Given the alarming speed at which the COVID-19 pandemic has changed the way in which the world operates, it is inevitable that it would change the legal system as well.
In Chalich v. Alhatam1, Madam Justice Kristjanson for the Divisional Court reminded the parties that the current priority is to ensure that everyone stays home and stays healthy during the lockdown period.
In Chalich, the moving party Mr. Chalich (“Landlord”) had executed an agreement of purchase and sale for a condominium unit occupied by the responding party Mr. Alhatam (“Tenant”). His hope was that the Tenant would move out before the sale took place. The Landlord was required to deliver vacant premises to the purchasers. As it turned out, the Tenant did not move out. Instead, the Tenant unsuccessfully pursued this matter at the Landlord and Tenant Board, which granted an eviction order.
The Tenant then sought a review of the eviction order by the Board. The Board affirmed the eviction order.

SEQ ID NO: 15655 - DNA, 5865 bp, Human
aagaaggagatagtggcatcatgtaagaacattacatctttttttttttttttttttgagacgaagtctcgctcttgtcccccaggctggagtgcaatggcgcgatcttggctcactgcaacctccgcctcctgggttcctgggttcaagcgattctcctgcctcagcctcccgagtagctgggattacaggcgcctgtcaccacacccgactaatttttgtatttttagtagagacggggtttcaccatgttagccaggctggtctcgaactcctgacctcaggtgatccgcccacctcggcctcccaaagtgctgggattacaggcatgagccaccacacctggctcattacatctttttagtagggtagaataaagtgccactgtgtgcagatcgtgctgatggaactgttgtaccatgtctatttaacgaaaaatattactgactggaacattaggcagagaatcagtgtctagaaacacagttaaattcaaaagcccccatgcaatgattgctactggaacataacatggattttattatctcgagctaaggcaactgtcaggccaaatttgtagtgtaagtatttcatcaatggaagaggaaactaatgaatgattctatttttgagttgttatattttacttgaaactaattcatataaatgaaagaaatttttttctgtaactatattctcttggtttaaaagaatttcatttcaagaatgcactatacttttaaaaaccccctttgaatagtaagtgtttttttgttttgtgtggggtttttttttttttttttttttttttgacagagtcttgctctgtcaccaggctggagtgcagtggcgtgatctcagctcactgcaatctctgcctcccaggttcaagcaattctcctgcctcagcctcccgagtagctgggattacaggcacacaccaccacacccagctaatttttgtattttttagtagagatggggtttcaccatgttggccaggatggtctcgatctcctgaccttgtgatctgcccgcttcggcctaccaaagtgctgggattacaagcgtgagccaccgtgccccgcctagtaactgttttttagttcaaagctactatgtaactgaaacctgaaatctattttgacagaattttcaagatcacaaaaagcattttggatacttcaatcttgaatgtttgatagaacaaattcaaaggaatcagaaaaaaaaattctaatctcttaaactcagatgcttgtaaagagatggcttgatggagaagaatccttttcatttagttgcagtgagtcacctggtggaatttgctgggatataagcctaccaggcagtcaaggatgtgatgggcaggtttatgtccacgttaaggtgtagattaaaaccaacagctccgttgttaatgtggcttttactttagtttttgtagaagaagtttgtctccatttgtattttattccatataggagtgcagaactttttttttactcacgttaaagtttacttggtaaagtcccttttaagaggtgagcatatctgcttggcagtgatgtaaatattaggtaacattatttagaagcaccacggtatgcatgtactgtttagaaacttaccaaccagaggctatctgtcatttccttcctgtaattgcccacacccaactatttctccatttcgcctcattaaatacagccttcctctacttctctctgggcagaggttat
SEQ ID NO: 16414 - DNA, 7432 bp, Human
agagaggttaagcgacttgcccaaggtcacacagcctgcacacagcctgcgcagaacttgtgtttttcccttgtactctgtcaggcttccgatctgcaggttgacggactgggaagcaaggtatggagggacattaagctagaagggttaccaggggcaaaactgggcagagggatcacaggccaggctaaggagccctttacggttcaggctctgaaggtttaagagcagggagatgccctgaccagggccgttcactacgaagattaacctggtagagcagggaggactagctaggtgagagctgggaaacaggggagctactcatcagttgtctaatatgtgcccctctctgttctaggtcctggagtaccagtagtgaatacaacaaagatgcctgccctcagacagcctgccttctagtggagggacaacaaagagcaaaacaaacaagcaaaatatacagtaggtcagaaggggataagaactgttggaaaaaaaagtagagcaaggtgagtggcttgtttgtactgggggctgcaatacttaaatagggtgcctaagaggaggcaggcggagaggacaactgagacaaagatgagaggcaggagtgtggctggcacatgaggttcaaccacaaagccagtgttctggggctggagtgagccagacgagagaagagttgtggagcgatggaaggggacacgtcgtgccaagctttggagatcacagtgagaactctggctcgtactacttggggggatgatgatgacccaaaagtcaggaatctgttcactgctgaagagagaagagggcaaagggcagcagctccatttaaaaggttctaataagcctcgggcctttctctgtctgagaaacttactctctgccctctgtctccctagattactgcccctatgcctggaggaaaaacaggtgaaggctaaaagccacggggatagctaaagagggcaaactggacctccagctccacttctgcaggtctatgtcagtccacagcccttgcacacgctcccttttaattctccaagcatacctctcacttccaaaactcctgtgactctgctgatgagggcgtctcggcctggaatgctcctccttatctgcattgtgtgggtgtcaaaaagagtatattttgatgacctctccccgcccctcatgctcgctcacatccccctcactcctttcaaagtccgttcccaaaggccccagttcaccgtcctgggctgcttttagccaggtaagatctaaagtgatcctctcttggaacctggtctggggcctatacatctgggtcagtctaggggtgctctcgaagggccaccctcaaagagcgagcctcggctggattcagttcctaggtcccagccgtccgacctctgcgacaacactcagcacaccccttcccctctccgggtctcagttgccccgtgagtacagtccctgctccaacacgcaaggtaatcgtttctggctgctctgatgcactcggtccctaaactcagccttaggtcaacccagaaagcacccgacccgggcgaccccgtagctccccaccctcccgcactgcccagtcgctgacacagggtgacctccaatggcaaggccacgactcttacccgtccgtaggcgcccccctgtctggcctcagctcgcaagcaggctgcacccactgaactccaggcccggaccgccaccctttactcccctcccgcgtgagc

The Tenant then appealed to the Divisional Court under section section 210(1)of the Residential Tenancies Act, 2006, S.O. 2006, c. 17.
While they were waiting for the appeal to be heard, the Tenant arranged to move out. He signed a lease for another apartment. The new lease was to commence on May 1, 2020. To cover the transition period, the Tenant and the Landlord came to a mutual agreement and extended the tenancy until May 1, 2020.
At the appeal before the Divisional Court, the issue was whether the previously ordered eviction could be carried out during the pandemic. Justice Kristjanson ruled that individuals cannot be kicked out of a unit during a pandemic. She explained that the Tenants at hand were a family with young children. The family would be left without a place to go given that people were instructed to stay home in order to care for their health.
Conversely, the Landlord would suffer no irreparable harm if the carrying out of the eviction order was deferred till the lifting of the province wide emergency.
1 Chalich v. Alhatam, 2020 ONSC 2569